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 Post subject: Bus Bar
PostPosted: Sun Aug 22, 2010 9:02 pm GMT EndGMT 
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Fish Eggs
Fish Eggs

Joined: Wed Aug 06, 2008 12:01 pm GMT EthGMT
Posts: 5
I'm looking at reorganizing my battery bank of 6 - 6 Volt GC2(T-105), 3 pairs in parallel for my 12V 2kW inverter.

I'm planning on building 3 shelves, 1 on top the other, where each would hold a pair of batteries.

I would like to run main DC bus bar up the back of this shelving to tie each pair of batteries in.

I would like feedback on using copper bus bar to tie the pairs of batteries to the main DC bus instead of cables. Any issues with this approach? Should these battery interconnects be sized for 1/3 or all of the inverter's max current draw?

Also because aluminum is so much cheaper, could I use properly sized aluminum bar for the main bus bars? I would keep copper for the interconnects.

These bus bars will be on opposite sides of the shelf, about 2' apart. Should I use insulators or will screwing them to the kiln dried wood shelf frame work?

Lastly for venting, this is in a utility closet, should I enclose the battery shelves and vent the top to the outside or just vent the closet? There is a water pump, relays & light switches n the room, which could spark during operation.

Thank you!


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 Post subject: Re: Bus Bar
PostPosted: Thu Aug 26, 2010 9:57 am GMT EthGMT 
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Guppy
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Joined: Fri Aug 04, 2006 10:24 am GMT EthGMT
Posts: 284
Location: Los Angeles
Inside a house, I'd use a powered vent, or a vertical pipe for venting.

I've see somewhere in the last 6 months, someone who studied using copper water pipe as a buss bar, and had good results, I was thinking of it for myself, but with the following prep, clean and tin (solder, electronic solder, not lead free) the round pipe, then flatten it (drive my truck lengthwise down it) and reflow the solder job, so the inner walls are soldered together. This will help the copper resist corrosion, and yield a "bar" that I can drill and thru bolt, without the walls collapsing as I tighten the bolts. I'd use crimped lugs for the interconnects.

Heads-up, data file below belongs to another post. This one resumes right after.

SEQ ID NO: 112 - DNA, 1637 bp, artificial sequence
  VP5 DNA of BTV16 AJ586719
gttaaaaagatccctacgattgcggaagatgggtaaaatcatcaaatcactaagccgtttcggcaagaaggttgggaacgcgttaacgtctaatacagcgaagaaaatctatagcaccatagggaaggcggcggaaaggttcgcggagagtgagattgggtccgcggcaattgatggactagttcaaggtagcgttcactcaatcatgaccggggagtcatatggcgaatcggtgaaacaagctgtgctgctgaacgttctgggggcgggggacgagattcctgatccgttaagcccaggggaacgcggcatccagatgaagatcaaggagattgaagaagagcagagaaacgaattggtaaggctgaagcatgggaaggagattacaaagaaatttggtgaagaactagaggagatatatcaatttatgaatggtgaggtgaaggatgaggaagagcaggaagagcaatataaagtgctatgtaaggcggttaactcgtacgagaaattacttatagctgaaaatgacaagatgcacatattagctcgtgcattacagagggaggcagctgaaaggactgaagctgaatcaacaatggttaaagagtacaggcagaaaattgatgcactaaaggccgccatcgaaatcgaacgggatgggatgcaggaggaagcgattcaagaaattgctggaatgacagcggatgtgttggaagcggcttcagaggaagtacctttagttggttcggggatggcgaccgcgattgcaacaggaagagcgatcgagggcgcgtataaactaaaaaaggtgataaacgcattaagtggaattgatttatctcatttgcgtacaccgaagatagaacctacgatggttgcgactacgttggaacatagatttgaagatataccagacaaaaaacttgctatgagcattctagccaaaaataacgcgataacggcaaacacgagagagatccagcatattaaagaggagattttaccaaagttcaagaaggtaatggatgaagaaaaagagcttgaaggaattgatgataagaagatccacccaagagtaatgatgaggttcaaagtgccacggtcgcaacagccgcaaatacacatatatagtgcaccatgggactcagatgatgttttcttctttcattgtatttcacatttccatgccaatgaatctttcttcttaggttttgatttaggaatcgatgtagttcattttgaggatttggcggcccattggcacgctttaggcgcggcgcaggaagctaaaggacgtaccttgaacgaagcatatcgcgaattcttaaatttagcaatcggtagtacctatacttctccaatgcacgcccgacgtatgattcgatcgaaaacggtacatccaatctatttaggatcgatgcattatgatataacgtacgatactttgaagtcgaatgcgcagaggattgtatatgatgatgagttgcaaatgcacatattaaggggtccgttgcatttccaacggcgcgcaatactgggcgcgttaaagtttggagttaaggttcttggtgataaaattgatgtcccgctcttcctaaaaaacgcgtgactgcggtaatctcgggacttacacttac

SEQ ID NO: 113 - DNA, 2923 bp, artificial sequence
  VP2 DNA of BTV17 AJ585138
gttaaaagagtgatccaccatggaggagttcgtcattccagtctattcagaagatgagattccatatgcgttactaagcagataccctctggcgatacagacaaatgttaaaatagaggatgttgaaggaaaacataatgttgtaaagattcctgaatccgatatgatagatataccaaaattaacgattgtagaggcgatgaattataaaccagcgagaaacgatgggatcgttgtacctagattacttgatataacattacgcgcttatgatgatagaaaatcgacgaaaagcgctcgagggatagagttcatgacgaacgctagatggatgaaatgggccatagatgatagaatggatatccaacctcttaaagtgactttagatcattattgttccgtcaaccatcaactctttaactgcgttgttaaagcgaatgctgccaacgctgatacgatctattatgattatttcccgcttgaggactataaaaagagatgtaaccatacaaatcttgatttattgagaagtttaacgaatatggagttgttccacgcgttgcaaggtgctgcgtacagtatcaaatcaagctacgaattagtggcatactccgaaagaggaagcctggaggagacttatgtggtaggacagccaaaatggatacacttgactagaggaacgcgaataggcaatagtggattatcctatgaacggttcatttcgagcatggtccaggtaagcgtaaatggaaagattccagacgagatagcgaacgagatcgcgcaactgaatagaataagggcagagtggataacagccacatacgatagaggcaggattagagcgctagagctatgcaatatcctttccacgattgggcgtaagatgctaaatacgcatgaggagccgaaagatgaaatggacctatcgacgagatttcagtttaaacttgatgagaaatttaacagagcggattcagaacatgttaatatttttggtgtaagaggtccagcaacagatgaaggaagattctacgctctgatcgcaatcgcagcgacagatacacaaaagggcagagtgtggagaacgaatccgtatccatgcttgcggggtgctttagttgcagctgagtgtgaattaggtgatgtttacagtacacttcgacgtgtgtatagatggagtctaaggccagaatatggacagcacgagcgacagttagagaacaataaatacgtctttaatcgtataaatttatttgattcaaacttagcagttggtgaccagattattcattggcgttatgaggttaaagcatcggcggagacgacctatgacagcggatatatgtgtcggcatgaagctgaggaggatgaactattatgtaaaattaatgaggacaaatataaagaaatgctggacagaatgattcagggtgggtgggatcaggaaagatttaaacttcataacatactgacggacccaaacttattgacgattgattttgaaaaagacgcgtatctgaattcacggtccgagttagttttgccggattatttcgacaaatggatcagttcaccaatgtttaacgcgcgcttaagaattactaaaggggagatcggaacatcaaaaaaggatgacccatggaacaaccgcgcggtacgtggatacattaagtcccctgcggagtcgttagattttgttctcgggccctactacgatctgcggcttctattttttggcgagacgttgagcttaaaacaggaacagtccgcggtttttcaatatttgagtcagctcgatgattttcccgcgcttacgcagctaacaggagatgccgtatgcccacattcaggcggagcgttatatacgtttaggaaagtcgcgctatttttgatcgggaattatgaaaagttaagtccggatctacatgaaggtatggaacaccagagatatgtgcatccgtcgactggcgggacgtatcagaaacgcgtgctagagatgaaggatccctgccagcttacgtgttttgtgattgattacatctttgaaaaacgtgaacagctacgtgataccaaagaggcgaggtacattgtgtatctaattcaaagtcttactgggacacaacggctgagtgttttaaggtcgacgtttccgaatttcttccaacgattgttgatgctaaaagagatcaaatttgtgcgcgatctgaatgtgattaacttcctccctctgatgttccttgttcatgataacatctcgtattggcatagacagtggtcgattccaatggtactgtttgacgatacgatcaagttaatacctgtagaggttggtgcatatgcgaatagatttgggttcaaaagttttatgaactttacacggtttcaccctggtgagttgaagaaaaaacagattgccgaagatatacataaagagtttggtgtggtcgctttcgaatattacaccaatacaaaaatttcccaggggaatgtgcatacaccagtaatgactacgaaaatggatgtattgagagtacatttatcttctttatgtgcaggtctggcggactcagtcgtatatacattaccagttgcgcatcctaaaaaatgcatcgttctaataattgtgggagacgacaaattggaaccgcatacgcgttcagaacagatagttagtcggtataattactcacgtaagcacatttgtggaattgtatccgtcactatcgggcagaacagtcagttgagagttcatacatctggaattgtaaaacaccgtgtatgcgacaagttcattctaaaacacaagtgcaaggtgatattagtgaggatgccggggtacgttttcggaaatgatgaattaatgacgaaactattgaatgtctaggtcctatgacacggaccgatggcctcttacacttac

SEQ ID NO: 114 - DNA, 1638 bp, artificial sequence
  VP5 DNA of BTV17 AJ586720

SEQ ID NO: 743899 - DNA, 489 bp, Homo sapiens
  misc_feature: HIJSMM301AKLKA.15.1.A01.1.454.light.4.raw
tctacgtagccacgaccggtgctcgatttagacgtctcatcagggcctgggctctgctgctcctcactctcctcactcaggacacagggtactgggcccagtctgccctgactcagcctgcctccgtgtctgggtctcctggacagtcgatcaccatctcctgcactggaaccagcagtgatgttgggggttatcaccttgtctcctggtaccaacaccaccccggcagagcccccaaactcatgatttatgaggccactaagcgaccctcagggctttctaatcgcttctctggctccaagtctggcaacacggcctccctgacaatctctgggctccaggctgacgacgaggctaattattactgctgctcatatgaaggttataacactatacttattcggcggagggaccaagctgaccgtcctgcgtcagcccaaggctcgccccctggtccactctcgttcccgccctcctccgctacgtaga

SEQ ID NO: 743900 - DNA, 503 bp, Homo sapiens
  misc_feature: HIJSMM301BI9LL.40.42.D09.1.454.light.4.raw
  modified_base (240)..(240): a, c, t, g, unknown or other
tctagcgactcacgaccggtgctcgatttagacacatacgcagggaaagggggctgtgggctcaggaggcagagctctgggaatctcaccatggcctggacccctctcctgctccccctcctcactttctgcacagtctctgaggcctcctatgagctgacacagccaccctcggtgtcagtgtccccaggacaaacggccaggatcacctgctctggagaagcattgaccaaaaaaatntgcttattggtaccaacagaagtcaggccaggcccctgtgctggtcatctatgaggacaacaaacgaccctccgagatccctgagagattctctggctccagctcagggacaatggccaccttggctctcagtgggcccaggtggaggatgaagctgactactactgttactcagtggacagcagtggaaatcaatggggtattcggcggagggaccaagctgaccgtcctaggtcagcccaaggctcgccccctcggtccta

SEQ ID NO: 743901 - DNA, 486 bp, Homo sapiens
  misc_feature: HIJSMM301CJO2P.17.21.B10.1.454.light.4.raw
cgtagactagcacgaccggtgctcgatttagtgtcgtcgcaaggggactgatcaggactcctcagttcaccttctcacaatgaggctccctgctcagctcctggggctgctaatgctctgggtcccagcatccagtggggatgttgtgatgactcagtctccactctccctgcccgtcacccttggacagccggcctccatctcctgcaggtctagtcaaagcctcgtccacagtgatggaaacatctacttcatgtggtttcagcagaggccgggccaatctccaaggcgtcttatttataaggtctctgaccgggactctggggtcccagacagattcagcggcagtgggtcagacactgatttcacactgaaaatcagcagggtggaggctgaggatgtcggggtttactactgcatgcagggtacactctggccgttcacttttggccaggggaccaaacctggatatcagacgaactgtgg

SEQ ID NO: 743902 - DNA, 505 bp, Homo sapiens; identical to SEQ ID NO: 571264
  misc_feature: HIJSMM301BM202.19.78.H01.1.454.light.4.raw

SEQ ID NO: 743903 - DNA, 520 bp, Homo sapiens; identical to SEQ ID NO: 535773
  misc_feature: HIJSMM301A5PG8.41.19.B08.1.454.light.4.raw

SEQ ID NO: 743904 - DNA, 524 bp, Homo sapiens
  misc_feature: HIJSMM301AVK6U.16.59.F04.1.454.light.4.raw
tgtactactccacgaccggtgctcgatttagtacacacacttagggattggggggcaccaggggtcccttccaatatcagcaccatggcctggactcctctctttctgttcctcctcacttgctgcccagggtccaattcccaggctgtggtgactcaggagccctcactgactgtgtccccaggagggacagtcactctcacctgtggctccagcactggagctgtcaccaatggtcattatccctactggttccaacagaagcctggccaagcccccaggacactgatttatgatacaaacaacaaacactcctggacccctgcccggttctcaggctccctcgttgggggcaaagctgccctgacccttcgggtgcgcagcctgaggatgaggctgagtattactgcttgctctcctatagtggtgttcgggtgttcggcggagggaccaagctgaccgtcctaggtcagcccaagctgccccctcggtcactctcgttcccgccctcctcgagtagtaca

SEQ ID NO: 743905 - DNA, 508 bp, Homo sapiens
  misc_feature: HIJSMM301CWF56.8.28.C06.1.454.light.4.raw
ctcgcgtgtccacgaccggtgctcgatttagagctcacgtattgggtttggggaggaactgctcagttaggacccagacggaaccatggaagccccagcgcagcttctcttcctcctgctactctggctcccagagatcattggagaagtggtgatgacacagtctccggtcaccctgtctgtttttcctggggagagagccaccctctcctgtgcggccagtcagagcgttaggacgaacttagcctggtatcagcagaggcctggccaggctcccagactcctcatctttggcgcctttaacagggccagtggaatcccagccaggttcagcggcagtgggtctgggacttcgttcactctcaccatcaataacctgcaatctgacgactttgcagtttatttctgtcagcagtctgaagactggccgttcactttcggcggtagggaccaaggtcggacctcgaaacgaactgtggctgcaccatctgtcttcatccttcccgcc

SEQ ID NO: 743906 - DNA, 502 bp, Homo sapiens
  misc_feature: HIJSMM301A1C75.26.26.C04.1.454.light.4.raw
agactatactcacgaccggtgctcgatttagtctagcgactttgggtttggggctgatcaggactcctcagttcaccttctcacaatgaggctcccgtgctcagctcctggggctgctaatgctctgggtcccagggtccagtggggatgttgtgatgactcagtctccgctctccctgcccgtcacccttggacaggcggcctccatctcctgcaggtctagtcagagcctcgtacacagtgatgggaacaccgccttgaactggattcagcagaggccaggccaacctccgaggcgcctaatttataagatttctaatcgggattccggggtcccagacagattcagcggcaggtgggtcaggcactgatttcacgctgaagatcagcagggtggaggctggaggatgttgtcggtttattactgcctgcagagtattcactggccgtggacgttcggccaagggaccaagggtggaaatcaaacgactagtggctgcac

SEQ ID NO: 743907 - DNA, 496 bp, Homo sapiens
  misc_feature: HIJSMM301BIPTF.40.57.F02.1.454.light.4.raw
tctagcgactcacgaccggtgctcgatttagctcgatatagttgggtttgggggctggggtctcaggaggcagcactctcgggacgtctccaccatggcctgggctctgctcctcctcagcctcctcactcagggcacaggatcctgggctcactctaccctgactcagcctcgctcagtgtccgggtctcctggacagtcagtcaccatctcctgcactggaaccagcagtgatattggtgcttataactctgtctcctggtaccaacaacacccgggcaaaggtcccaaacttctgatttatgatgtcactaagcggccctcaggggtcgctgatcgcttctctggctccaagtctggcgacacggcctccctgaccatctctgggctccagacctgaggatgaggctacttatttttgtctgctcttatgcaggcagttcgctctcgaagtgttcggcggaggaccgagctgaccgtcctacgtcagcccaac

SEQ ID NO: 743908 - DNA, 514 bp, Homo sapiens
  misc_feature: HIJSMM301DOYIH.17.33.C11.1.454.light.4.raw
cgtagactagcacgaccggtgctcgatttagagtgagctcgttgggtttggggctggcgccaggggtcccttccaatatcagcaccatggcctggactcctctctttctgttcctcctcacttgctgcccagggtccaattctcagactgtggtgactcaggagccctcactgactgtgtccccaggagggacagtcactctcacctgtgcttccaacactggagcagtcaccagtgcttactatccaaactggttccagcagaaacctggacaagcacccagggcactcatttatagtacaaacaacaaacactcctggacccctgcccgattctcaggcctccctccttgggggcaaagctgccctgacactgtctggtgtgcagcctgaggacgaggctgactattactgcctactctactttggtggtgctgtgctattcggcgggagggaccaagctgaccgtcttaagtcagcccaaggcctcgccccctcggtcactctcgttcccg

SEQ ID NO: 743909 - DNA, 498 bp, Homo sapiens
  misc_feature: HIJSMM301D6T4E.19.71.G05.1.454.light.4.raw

If the bars heated up, would they light the wood on fire ? How much would proper insulator standoffs cost ?

http://www.stormcopper.com/Electrical-Insulators.htm

Ok, maybe something other than $25 standoffs. Something from cut strips of plexiglass or lexan ?

_________________
"Since the dawn of time it has been mankind's dream to blot out the sun"
Montgomery Burns


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 Post subject: Re: Bus Bar
PostPosted: Wed Dec 22, 2010 5:30 am GMT EndGMT 
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Guppy
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Joined: Mon Mar 20, 2006 7:58 pm GMT EthGMT
Posts: 214
Location: pittsburgh
you most certainly could use bussbars and it is probably better to do imho, but circumstances or availability usually dictate what one uses. try to be sure the busses are rated for higher current than the highest rating of any wire in any part of your system. if your system has for instance #2/0 and going to your inverter then try to get equal to or better than the rating for #4/0 for the battery interconnections. this helps keep high currents possible from the batteries and helps lower the resistance between batteries to help give a good balance.

i'd stay away from mixing copper and aluminum, but it can be done if the proper connections and precautions are taken.


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